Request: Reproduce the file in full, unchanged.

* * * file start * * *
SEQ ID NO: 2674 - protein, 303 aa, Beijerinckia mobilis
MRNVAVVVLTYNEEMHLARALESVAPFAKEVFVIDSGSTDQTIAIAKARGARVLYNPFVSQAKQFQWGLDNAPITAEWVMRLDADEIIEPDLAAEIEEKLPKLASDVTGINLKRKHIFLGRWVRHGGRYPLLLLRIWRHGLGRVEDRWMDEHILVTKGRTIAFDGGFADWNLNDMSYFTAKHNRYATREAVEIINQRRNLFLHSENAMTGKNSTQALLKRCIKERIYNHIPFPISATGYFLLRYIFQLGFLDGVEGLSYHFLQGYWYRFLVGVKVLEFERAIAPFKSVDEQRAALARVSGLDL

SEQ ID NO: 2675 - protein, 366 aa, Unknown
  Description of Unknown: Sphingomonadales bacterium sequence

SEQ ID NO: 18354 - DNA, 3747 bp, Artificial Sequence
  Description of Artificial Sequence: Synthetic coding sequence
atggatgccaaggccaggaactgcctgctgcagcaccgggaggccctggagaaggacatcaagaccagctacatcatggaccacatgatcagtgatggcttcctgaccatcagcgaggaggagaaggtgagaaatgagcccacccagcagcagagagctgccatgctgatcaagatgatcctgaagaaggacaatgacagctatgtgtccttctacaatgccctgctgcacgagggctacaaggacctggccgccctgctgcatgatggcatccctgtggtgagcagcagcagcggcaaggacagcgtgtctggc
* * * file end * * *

SEQ ID NO: 2674 - protein, 303 aa, Beijerinckia mobilis
MRNVAVVVLTYNEEMHLARALESVAPFAKEVFVIDSGSTDQTIAIAKARGARVLYNPFVSQAKQFQWGLDNAPITAEWVMRLDADEIIEPDLAAEIEEKLPKLASDVTGINLKRKHIFLGRWVRHGGRYPLLLLRIWRHGLGRVEDRWMDEHILVTKGRTIAFDGGFADWNLNDMSYFTAKHNRYATREAVEIINQRRNLFLHSENAMTGKNSTQALLKRCIKERIYNHIPFPISATGYFLLRYIFQLGFLDGVEGLSYHFLQGYWYRFLVGVKVLEFERAIAPFKSVDEQRAALARVSGLDL

SEQ ID NO: 2675 - protein, 366 aa, Unknown
  Description of Unknown: Sphingomonadales bacterium sequence

SEQ ID NO: 18354 - DNA, 3747 bp, Artificial Sequence
  Description of Artificial Sequence: Synthetic coding sequence
atggatgccaaggccaggaactgcctgctgcagcaccgggaggccctggagaaggacatcaagaccagctacatcatggaccacatgatcagtgatggcttcctgaccatcagcgaggaggagaaggtgagaaatgagcccacccagcagcagagagctgccatgctgatcaagatgatcctgaagaaggacaatgacagctatgtgtccttctacaatgccctgctgcacgagggctacaaggacctggccgccctgctgcatgatggcatccctgtggtgagcagcagcagcggcaaggacagcgtgtctggc